Salem's Witch Secrets
Today, we will look at Smithsonian Channel’s America’s Hidden Stories: Salem’s Secrets. This documentary takes a different look at what happened in Salem. The historians use technology and new documents to retell Salem’s story.
The Salem Witch Trials began in 1692, with the hanging of five witches. People traveled from all over to see the witches hanging. There is a huge panic over witchcraft. It began with three young women having severe fits in bed. The people believed that they were being attacked by demons. This belief kicked off the beginning of the Salem Witch Trials.
The Court takes immediate action to protect the town from Witchcraft. They put the witches on trial and the guilty are hanged. The episode kicks off with the hanging of John Proctor. He was the first man accused of being a witch. In the community, he was a strong Puritan and was on good terms with everyone in town. Proctor protested his innocence to the very end. Suddenly, the town goes silent and the trials are stopped. Records of the trial are covered up and disappeared.
The governor of the Massachusetts colony at the time banned publications about the witch trials. Books about the trials were burned. The officials were trying to bury the evidence that innocents were killed. Vital information is still missing to this day in regards to the trial. A group of historians comes together to discusses new documents that have come to light about the Salem Witch Trials. They are trying to solve the mystery of the trial. Most of all they hope to find the long-lost hanging site.
The historians speak about preserving the hanging site as a memorial to the lives lost. One of the historians is a direct descendant of John Proctor. One book about the trials escapes the burnings and it was published in London. It gave more details about the trials and gives the location of the potential graves of the supposed witches. Will this book help solve the mystery location of the hanging site? Will the remains of the witches be found nearby this hanging site?
Despite the fact it was illegal to publish anything about the Salem Witch Trials there are still documents and records available. The historians explore the life and accusations of John Proctor. They turn to the records written by Reverend Parris. The Parris home was where the witch crisis took off. In January 1692, the girls in the Parris household start acting strangely. They convulse violently. They scream. The Reverend believes that his girls were bewitched.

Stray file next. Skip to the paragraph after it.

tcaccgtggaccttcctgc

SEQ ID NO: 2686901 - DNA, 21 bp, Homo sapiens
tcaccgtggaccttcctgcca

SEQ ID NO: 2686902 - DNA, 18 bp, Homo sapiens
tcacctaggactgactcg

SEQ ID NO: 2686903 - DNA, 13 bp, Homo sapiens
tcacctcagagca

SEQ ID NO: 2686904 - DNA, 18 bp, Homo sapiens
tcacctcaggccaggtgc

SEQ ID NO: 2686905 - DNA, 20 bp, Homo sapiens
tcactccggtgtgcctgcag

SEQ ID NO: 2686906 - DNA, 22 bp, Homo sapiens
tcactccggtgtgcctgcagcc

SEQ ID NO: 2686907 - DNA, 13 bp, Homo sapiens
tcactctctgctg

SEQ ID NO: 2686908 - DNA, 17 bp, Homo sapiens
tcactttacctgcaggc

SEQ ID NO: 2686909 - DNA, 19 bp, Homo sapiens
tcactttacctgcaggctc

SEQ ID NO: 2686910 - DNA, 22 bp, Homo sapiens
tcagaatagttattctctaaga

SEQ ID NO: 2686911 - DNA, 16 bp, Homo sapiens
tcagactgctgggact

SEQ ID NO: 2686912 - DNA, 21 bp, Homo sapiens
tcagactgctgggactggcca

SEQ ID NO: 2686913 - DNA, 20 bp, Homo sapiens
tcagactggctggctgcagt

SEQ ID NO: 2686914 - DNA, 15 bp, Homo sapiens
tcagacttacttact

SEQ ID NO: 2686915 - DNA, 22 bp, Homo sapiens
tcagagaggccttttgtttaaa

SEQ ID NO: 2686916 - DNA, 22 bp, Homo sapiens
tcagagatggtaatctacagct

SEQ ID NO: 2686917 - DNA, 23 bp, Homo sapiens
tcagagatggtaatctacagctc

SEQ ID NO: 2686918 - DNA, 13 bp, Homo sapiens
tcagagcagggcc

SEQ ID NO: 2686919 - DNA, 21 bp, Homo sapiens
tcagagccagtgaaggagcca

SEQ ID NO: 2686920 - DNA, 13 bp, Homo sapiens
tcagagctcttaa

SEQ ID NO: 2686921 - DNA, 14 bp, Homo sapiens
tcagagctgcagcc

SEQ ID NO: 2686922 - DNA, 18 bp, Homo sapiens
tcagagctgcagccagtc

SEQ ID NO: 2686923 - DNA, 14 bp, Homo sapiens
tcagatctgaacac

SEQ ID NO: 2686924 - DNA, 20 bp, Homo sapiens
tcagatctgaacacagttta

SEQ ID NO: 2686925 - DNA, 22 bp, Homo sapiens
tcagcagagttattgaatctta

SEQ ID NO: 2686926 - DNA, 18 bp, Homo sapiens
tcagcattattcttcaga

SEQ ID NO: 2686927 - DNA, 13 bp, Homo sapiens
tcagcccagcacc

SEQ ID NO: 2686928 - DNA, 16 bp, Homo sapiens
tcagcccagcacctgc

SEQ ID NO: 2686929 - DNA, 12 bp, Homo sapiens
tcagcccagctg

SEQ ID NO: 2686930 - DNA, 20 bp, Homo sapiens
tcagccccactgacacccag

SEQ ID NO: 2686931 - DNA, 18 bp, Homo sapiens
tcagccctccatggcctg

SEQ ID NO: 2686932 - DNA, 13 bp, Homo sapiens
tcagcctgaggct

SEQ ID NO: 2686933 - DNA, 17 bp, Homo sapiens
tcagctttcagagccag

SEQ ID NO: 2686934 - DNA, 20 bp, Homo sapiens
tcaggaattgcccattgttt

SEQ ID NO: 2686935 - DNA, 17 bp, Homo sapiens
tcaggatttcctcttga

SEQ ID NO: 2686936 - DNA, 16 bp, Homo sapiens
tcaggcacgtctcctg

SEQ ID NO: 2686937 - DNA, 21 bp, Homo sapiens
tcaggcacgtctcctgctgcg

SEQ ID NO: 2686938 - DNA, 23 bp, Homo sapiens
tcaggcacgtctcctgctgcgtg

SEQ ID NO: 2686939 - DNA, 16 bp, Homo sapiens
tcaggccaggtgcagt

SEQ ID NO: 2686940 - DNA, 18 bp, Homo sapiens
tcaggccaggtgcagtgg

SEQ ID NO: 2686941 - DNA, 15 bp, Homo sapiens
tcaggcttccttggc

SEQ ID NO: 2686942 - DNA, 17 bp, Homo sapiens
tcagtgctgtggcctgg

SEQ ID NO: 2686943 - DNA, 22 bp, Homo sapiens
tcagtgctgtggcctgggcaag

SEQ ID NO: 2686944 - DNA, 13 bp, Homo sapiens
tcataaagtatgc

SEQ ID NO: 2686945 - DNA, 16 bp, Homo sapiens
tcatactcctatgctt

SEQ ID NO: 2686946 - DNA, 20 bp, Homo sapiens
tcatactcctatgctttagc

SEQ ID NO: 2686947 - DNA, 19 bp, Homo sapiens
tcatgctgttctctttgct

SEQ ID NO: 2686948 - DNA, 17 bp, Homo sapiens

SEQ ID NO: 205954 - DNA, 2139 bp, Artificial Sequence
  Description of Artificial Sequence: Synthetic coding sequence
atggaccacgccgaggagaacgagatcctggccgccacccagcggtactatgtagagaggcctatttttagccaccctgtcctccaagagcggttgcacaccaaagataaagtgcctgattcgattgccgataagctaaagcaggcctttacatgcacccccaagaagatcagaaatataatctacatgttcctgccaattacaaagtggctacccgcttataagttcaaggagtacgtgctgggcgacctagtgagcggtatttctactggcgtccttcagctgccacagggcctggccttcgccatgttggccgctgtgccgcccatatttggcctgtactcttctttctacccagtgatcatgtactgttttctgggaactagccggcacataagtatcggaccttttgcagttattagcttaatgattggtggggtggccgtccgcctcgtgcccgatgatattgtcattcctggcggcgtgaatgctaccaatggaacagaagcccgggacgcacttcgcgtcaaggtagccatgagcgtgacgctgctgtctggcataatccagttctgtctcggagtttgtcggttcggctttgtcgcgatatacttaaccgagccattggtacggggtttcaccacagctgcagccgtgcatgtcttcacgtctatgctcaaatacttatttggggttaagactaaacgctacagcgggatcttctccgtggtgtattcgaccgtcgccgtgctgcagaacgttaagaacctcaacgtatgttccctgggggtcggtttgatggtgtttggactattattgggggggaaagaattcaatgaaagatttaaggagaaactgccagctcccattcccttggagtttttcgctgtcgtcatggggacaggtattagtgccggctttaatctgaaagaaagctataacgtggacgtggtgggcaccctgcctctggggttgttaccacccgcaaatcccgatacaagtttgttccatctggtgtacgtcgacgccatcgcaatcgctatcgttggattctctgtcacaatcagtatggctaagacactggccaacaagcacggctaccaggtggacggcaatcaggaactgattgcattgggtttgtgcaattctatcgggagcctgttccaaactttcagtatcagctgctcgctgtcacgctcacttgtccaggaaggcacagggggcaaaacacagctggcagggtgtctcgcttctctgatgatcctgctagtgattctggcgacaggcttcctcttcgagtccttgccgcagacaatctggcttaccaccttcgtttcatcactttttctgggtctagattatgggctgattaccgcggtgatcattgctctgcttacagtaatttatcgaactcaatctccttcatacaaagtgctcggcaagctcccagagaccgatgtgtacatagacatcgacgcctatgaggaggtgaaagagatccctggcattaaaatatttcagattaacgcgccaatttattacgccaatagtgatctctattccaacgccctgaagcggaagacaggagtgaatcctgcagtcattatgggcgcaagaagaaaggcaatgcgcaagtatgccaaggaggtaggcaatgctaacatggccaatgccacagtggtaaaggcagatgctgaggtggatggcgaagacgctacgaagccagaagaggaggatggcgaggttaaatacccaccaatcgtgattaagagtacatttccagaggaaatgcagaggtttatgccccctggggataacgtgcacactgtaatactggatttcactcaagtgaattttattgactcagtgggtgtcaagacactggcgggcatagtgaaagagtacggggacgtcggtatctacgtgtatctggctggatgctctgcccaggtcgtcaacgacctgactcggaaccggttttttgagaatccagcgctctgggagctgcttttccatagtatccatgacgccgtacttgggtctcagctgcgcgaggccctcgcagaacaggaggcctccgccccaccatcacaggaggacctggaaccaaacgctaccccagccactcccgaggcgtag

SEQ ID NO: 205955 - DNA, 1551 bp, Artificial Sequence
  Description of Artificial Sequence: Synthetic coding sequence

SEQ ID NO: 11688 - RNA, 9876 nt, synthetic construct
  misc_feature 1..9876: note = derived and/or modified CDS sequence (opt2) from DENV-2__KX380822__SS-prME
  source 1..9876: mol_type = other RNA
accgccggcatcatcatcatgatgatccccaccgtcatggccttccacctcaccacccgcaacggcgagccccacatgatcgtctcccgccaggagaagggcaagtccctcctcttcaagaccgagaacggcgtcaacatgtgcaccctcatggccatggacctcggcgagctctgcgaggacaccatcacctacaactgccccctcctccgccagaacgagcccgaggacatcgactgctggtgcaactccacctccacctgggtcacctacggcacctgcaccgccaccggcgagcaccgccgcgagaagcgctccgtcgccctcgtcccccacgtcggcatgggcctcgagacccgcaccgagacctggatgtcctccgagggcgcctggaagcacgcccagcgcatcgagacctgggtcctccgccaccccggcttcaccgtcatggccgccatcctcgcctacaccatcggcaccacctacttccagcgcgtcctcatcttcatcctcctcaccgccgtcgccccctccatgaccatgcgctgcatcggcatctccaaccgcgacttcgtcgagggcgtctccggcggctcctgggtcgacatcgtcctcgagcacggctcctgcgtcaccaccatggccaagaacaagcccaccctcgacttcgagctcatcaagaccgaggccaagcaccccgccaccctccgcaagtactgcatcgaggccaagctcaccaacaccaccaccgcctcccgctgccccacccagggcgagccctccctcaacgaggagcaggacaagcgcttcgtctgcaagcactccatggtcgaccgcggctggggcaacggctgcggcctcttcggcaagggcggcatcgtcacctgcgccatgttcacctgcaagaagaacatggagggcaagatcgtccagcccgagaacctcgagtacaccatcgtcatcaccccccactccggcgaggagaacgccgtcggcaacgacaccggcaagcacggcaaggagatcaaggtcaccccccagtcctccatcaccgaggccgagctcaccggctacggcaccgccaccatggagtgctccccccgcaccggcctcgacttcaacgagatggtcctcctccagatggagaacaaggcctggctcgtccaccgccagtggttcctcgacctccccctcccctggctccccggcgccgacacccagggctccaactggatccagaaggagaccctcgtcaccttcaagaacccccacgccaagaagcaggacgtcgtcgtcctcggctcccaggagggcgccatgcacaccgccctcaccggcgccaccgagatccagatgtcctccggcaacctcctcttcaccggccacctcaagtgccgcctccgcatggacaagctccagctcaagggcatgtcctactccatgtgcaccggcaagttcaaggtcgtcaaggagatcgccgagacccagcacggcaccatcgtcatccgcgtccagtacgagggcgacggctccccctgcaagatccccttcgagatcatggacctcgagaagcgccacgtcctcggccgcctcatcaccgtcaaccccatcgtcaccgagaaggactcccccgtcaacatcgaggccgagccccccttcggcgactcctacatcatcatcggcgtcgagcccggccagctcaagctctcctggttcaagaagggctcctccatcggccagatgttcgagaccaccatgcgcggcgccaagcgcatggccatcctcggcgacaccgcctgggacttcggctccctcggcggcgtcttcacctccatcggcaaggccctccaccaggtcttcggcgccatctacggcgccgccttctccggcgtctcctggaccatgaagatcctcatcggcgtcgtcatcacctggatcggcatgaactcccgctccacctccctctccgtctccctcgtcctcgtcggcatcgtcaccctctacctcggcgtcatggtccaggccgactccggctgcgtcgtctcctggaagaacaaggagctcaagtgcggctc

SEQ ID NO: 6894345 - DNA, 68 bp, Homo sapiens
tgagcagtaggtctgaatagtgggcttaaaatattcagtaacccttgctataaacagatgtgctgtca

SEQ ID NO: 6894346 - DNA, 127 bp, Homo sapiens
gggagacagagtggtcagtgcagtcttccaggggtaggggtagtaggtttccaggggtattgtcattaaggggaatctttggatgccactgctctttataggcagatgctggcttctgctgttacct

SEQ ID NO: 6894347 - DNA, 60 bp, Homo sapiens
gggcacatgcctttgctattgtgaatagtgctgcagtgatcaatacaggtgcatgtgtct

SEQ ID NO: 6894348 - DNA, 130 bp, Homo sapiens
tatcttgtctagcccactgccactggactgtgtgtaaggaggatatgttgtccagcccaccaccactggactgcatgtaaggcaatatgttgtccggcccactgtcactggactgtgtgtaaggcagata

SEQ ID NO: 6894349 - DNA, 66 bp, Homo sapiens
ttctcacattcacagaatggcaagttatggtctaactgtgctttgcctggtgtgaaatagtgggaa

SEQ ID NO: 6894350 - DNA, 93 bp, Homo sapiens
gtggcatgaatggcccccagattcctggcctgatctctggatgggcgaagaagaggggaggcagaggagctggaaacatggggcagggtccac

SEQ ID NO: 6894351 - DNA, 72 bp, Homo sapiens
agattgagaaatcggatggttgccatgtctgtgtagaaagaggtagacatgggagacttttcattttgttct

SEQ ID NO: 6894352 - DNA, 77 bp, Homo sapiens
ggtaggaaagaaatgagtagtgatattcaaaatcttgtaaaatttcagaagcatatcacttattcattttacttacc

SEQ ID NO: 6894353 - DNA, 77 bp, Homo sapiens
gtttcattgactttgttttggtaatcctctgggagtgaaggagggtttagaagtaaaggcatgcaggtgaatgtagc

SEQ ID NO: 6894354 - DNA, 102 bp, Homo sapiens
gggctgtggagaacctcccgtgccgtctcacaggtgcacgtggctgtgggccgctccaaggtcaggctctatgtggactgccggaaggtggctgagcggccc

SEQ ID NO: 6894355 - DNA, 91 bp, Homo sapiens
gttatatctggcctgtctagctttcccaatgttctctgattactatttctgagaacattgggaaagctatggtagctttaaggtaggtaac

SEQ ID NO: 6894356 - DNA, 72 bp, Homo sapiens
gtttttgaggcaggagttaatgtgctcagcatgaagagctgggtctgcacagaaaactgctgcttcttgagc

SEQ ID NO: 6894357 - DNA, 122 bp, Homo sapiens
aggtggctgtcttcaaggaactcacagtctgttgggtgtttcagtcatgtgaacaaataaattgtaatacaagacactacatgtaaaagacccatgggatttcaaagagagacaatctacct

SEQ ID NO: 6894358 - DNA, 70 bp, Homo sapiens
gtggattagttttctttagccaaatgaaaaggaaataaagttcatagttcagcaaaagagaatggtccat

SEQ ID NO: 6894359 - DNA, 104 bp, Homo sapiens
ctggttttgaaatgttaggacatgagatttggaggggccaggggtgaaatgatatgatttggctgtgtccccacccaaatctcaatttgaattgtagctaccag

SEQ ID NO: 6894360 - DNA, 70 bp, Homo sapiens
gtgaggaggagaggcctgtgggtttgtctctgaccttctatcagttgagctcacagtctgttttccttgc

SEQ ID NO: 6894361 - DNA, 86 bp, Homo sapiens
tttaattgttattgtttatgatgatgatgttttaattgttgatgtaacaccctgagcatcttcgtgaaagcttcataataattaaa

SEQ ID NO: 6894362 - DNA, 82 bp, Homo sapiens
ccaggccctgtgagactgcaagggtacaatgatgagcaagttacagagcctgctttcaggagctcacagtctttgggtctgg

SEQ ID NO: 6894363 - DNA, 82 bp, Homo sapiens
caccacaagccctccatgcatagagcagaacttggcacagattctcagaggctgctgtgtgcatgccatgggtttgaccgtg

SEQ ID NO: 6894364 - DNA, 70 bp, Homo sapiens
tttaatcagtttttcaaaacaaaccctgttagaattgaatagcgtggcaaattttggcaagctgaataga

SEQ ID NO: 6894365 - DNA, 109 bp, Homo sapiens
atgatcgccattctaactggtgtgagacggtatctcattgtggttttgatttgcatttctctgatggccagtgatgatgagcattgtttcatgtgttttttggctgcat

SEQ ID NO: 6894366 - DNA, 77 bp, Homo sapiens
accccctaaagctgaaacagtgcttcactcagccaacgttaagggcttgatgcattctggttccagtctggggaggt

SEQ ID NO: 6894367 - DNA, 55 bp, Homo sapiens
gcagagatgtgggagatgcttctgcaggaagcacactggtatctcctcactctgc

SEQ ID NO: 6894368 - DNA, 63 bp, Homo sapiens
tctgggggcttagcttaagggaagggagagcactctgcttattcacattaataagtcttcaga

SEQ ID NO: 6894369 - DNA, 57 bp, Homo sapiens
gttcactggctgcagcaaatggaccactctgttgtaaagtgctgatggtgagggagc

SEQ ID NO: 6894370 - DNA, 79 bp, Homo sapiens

The accusations start centering around a slave woman named Tituba. She admits to being the Devil’s agent. This confession touches off additional accusations. Traditionally, witches were women and lower class. John Proctor was upper-middle class, married, and had 16 children. The team tries to solve the mystery as to why John Proctor was accused. They discuss Proctor’s wealth and success. It becomes clear that wealth and success will not protect anyone. The Proctors watch the events in Salem nervously.
Parris finds an alley in the Putnam family. Sarah Good and Sarah Osborne are eventually accused of witchcraft. They were poor and unimportant in the town. They were the typical people accused of witchcraft. Then suddenly Rebecca Nurse is drawn into the accusations. Was she a witch? Or did the Putnam’s want to get rid of a rival? Continue to watch the documentary to find out.
This is a surprising look at the Salem Witch Trials. I never really thought it was covered up for generations after the trials happened. This documentary was the first time I heard about a government cover-up in regards to Salem. I would show this in a history classroom as well as an English classroom if the classroom is reading Arthur Miller’s The Crucible.
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